In August, he revealed his newest stance in announcing a strategy that includes an indefinite time commitment and thousands more troops in the country.
Trump has acknowledged that being in office changed his views.
“My original instinct was to pull out and, historically, I like following my instincts. But all my life I’ve heard that decisions are much different when you sit behind the desk in the Oval Office,” Trump said as he revealed the strategy.
Carafno defended the sharp change in Trump’s campaign and presidential rhetoric.
“He said on the campaign trail what he thought with the information that he had and what he knew. And then as president when he talked to people and they said ‘this is the right thing to do,’ he was able to make the right decisions,” he said.
Carafano also argued the changed stance points to an emerging pattern in Trump’s decisions.
“He’s willing to take on things which could take years and which in the end won’t necessarily end the issue but it will protect America’s interests,” Carafano said. “It shows that he is willing to commit to long-term policies.”
The Pentagon started sending about 3,000 additional troops to the country this summer – upping the number of U.S. forces to 14,000. The U.S. military will soon send thousands more advisers to aid their Afghan counterparts closer to the front lines, according to Gen. John Nicholson, the head of U.S. forces in Afghanistan.
There are “well over 1,000 advisers out at any given time,” Nicholson told reporters. “Next year, however, this will increase dramatically.”
Trump also eased restrictions on U.S. military commanders. Leaders operating in Afghanistan are now allowed greater use of offensive American air power against the Taliban and have tripled the number of munitions dropped on insurgents.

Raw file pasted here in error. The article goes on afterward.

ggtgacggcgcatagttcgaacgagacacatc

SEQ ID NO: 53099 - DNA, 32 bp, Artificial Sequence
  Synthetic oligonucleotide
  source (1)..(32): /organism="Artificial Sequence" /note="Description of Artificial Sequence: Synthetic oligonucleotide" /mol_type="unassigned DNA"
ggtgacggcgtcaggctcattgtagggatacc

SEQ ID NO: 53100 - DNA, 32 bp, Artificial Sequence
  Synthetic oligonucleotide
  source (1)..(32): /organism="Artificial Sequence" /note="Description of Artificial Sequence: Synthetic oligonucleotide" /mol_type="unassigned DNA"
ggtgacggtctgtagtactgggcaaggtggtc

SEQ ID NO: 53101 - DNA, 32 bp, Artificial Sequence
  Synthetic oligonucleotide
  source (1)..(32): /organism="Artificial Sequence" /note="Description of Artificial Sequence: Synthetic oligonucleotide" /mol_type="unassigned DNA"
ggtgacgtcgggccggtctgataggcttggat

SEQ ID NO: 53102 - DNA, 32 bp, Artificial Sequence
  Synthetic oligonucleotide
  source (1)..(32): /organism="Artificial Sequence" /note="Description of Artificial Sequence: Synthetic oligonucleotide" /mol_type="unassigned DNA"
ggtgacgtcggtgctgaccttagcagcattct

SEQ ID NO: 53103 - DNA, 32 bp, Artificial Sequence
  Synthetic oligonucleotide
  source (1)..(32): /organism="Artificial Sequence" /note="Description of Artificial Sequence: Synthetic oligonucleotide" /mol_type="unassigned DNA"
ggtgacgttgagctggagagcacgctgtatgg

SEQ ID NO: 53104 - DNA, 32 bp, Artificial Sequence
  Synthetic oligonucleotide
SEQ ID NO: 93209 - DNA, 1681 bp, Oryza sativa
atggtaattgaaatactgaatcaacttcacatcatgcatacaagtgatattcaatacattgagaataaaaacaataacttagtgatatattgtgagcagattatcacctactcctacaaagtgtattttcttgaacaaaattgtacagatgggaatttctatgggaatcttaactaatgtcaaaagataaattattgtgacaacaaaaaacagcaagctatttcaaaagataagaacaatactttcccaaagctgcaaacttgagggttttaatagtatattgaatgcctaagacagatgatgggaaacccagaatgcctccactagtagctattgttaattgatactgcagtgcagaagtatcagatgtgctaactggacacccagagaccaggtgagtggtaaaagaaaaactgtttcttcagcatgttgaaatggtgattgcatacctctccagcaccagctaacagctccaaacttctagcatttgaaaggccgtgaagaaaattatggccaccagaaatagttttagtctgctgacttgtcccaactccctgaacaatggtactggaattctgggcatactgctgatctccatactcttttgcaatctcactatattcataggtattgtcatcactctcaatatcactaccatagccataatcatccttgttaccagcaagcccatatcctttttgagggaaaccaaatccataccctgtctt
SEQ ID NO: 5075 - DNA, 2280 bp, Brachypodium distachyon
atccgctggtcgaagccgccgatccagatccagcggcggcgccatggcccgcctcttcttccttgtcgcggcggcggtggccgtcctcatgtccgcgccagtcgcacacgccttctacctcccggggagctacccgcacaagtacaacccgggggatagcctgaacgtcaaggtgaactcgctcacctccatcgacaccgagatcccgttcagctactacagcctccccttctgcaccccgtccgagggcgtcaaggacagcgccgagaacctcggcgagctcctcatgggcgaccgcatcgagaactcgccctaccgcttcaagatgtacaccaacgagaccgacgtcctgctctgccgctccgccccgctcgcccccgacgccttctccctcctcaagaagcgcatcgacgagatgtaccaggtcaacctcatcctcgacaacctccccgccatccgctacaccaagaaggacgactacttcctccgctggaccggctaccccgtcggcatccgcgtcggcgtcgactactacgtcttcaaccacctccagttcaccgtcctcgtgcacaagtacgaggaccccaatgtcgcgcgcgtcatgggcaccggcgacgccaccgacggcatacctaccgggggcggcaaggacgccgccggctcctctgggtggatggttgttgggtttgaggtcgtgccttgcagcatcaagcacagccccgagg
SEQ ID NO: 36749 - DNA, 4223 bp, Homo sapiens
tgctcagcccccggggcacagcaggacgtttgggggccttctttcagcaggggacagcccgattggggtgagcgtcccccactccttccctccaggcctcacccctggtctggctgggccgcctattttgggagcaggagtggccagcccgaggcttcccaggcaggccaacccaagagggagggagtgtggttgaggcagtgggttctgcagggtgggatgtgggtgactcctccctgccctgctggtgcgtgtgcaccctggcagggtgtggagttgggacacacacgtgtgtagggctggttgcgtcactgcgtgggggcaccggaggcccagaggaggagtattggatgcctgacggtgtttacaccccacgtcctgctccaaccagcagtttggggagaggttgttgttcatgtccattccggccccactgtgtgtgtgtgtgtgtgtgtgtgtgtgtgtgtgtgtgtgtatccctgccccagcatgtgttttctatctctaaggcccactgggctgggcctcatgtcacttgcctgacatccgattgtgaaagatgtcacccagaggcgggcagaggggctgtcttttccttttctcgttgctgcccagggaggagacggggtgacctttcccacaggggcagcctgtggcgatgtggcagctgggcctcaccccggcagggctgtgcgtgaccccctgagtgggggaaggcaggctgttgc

For now, the war in the country is “still in a stalemate,” and some experts believe the fight will only grow more messy in 2018.
“He’s putting a Donald Trump spin on the previous administration’s Afghanistan strategy, slightly fewer troops but more bombing,” said Stephen Miles, director of Win Without War, which advocates for a diplomacy-heavy foreign policy.
Miles called it “completely impossible” to think 15,000 troops will tip a war in favor of the United States when previous presidents were unable to do so with a force of 100,000.
To turn the page on Afghanistan’s issues, which include rampant government corruption and an oppressive political system, would require a kind of diplomatic effort that seems non-existent in the Trump administration, he told The Hill.
“The question of Afghanistan in 2018 is are we going to learn of the failures of the past? We’re seeing a complete failure for having any sort of regional framework. We keep making the same mistakes and nothing really changes, unfortunately,” Miles said.
But Trump seems willing to continue to push on in Afghanistan, as evidenced by his August speech.
“No one denies that we have inherited a challenging and troubling situation in Afghanistan and South Asia, but we do not have the luxury of going back in time and making different or better decisions.”
By Ellen Mitchell
Source: The Hill